Growing tips: Delicious, sweet and 95% liquid—nothing is quite as refreshing as a chilled slice of watermelon on a hot summer’s day. First cultivated in northern Africa, the watermelon is a warm weather crop, requiring hot days and warm nights to fully mature, most particularly in the case of the larger varieties. Start seed indoors at 85°F. soil temperature, 3-4 weeks before setting out. When is a watermelon ripe? There are several schools of thought on this subject. Many believe that the surest way to know is when the fruit makes a dull, hollow sound when tapped. Others, however, recommend looking at the bottom surface of the fruit. When the “ground spot” has turned bright yellow, it’s ripe and ready for picking. Still others insist that the twisted tendril nearest the fruit must have turned brown.

Fresh Market Grower Tips:
Watermelon is a classic summertime treat, and consumers seek out direct market growers for sweet, juicy, crunchy melons at the height of freshness. Red fleshed watermelons are the traditional favorite, but many customers are excited to try yellow and orange fleshed melons, especially when you offer samples at your farm stand. While customers still purchase seeded watermelons, many have discovered the convenience and great taste of seedless melons. Fortunately, today’s seedless watermelons can be raised successfully in both the Northern and Southern parts of the country. Read and carefully follow the cultural directions on this page for best results.

Seeded Watermelon Culture:
Plant seeds 1/2-1″ deep into Jiffy Pellets or sterile mix in Jiffy Pots with a soil temperature of 75-80º F. They should germinate in about a week if kept moderately moist. Set plants into the field after the threat of frost has passed. Hot Kaps, row covers or plastic tunnels will provide protection from low temperatures or damaging winds. Plastic Mulch can be used to maintain soil temperatures, retain soil moisture and control weeds in the row. All melons prefer sandy loam soil with a pH 6.0-6.8 and set the best yields when beehives are added to pollinate flowers. Maturity dates are from transplanting and should be used only for variety comparison.

Although we think of watermelons as a Southern crop, they grow as easily as cantaloupe in the North, offer more consistent quality, and are increasingly sought out by consumers. It is critical to start seedless melons as transplants at high soil temperatures, as described here. Harris Seeds’ new high temperature heat mat can be a valuable tool, but some growers contract with a professional seedling grower to ensure consistent results. Most Northeastern growers raise seedless watermelons using plastic mulch, raised beds, and drip irrigation. IRT green plastic mulches (like Harris Seeds’ SRM Olive Mulch) are very beneficial in cooler or shorter growing seasons. Since watermelons are tropical plants, it’s best to transplant them after weather is warm, not just frost-free. Don’t forget bees; one hive per acre is the recommended minimum. Bee activity is adequate when one bee is present for every 100 blossoms between 6:00 and 10:00 am.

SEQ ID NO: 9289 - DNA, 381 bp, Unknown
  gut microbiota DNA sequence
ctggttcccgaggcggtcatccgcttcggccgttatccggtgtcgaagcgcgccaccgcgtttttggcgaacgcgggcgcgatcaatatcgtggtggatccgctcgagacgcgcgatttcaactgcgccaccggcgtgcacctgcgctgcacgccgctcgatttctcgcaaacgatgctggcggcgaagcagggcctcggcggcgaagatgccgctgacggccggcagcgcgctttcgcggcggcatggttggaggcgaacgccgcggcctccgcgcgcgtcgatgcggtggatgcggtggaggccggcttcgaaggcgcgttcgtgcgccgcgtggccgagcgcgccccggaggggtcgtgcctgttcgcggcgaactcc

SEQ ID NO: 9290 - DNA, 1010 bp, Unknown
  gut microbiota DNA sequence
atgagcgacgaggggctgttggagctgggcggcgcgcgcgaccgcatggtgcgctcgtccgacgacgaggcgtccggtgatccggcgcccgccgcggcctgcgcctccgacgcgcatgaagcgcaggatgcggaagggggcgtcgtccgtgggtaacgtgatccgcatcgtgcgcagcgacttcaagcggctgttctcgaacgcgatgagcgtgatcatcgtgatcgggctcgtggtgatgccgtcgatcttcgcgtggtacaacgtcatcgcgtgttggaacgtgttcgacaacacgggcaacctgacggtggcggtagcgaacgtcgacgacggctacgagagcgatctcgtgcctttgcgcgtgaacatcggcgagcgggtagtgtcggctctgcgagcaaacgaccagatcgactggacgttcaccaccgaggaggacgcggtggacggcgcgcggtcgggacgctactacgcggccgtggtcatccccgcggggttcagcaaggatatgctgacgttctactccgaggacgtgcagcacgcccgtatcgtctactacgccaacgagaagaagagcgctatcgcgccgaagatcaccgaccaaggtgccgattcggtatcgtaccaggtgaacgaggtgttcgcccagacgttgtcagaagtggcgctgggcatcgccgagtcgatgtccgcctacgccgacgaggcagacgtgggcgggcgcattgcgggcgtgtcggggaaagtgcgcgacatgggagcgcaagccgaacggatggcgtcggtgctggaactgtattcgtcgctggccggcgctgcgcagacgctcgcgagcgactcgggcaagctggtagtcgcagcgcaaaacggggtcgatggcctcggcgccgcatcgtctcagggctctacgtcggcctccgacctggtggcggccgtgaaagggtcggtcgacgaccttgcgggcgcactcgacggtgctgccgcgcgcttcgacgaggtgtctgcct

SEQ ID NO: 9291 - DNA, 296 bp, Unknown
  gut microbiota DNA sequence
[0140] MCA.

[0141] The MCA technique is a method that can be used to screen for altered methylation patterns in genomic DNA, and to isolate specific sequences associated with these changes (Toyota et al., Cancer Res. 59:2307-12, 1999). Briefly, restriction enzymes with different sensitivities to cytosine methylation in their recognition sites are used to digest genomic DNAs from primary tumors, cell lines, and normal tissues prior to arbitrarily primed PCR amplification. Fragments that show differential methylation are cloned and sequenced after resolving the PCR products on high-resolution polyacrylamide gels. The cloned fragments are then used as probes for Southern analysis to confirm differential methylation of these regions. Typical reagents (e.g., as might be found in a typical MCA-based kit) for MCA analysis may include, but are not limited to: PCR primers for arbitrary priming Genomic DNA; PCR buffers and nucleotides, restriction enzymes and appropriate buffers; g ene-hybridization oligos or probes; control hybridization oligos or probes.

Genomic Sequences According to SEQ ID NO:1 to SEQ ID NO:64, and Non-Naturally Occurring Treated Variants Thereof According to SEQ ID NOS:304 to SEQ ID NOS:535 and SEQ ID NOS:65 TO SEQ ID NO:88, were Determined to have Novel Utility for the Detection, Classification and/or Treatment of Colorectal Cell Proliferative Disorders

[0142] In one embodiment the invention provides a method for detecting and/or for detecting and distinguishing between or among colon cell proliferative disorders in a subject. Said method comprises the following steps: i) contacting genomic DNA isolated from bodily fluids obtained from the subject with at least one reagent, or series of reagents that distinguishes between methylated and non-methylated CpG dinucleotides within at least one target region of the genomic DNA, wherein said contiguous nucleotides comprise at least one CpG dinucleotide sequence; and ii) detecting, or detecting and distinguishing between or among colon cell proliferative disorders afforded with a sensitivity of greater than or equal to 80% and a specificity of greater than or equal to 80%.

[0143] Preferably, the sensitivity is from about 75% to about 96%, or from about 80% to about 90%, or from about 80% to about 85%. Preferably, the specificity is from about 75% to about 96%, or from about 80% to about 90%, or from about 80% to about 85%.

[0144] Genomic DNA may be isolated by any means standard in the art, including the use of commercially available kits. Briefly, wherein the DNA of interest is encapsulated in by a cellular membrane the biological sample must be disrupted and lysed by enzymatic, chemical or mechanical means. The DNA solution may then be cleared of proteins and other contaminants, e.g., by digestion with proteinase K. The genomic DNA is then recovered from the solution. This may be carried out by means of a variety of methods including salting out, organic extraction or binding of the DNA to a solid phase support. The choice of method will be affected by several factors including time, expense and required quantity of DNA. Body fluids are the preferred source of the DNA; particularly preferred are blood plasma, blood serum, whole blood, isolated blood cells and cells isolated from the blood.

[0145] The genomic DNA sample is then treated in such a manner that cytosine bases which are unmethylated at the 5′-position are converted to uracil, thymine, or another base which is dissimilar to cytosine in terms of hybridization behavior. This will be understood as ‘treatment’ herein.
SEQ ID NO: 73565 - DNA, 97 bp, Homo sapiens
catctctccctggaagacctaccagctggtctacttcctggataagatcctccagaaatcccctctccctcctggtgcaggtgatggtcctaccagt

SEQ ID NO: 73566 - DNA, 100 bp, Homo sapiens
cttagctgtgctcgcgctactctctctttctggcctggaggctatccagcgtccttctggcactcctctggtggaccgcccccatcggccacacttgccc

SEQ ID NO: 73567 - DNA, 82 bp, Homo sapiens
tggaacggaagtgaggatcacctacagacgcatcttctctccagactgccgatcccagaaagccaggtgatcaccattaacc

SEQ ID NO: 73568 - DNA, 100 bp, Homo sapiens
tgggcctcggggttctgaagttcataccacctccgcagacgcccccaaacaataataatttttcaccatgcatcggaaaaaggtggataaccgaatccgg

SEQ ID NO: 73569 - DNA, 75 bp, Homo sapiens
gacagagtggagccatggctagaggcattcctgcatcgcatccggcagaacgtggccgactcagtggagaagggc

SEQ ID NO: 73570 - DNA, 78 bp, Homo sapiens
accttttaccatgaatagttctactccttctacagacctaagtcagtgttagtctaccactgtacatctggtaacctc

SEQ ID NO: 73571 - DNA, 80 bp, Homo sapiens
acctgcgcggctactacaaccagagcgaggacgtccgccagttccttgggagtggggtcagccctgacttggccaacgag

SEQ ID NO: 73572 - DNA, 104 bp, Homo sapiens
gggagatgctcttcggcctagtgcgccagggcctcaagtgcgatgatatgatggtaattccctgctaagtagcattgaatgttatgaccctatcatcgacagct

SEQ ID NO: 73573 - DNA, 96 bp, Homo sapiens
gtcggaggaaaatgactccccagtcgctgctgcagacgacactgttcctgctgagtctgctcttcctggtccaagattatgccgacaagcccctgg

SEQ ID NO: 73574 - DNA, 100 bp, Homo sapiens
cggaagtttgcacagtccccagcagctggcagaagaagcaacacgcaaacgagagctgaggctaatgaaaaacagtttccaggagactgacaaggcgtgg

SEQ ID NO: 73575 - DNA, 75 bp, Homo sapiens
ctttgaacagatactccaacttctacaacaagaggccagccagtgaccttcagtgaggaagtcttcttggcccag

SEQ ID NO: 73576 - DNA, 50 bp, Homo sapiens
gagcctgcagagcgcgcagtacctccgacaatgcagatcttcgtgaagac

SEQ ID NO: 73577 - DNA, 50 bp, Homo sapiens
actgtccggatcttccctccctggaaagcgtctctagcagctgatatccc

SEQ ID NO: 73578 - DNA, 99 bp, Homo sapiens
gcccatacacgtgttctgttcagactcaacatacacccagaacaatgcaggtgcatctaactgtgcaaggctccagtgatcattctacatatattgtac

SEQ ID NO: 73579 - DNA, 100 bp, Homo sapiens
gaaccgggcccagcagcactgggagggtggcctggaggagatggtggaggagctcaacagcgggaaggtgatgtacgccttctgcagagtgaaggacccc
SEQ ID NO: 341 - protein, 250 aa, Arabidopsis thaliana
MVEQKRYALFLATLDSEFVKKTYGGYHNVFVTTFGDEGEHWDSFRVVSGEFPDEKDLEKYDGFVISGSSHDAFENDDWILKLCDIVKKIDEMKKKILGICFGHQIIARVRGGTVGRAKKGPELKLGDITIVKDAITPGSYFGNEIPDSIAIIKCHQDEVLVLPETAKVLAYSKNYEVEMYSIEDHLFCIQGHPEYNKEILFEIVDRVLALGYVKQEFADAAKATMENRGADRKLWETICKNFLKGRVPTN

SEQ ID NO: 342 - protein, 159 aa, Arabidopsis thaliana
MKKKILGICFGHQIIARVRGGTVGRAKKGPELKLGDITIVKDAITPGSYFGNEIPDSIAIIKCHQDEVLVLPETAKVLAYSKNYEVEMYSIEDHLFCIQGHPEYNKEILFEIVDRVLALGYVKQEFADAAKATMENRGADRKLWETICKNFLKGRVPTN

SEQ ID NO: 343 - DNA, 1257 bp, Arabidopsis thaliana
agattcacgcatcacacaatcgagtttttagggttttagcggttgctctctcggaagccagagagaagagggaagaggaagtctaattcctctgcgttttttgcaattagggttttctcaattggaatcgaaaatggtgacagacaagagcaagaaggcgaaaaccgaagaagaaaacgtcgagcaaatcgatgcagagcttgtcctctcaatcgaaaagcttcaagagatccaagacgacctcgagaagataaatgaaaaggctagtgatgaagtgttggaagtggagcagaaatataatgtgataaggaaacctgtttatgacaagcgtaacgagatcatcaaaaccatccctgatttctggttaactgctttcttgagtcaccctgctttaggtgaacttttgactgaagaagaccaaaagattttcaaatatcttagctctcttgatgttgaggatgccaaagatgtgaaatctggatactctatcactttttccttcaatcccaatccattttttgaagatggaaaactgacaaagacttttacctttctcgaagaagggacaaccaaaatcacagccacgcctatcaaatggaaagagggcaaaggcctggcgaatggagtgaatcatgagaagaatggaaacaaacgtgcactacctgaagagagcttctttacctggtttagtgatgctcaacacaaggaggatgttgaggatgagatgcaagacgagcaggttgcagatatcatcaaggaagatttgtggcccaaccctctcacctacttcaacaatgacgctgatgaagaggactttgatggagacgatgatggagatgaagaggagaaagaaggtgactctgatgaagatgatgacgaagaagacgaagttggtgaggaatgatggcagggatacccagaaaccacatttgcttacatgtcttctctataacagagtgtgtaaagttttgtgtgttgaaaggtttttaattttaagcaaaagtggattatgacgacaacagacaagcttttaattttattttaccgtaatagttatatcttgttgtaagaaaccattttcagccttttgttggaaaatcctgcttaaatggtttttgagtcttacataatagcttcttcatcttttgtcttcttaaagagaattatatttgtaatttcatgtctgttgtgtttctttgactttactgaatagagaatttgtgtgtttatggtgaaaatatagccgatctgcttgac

Harris Moran’s seedless watermelon program has produced vigorous varieties like Millionaire, Millenium, Troubador, and Gypsy that perform well in a less-than-ideal climates. In particular, Vagabond and Crunchy Red offer outstanding quality. They have the high level of sweetness that consumers expect, along with a crunchy texture. Even if you are not a fan of watermelon, these will open your eyes.

Water a sterile seed starting mix and allow it to dry for 24-48 hours before seeding. Seeds need a soil temperature of at least 90°F for germination, so make sure media is heated before planting and maintains a 90°F temperature for 48-72 hours after seeding, or until germination begins. This soil temperature may be achieved in a germination room or by using our high-temperature heat mat. After germination begins, reduce soil temperature to 80°F and water only as needed for the first week. DO NOT OVER WATER! Once the seedlings are established, temperature and watering may be adjusted to achieve sturdy plants.

You will need to purchase a pollinator for use with the seedless varieties. We highly recommend that you use Side Kick or Accomplice for this purpose, as they flower early and continuously throughout the pollination period. To ensure proper pollination it is recommended that you plant one pollinator for every three seedless plants. Plant in the row with the seedless variety. Tests indicate that bees will tend to work up and down the row, rather than from one row to the next. Planting in this way will help to improve pollination, thus increasing yield potential. Please note: The use of bees, plastic mulch and drip irrigation are highly recommended. Seedless melons grown under stress will produce hard, dark colored seeds.Average Seed Count:
30 per packet; 500/oz.; 5,000-15,000/lb.

If you're looking to grow watermelon, look to Harris Seeds for a wide assortment of both seedless watermelon varieties and seeded watermelons, pollinators…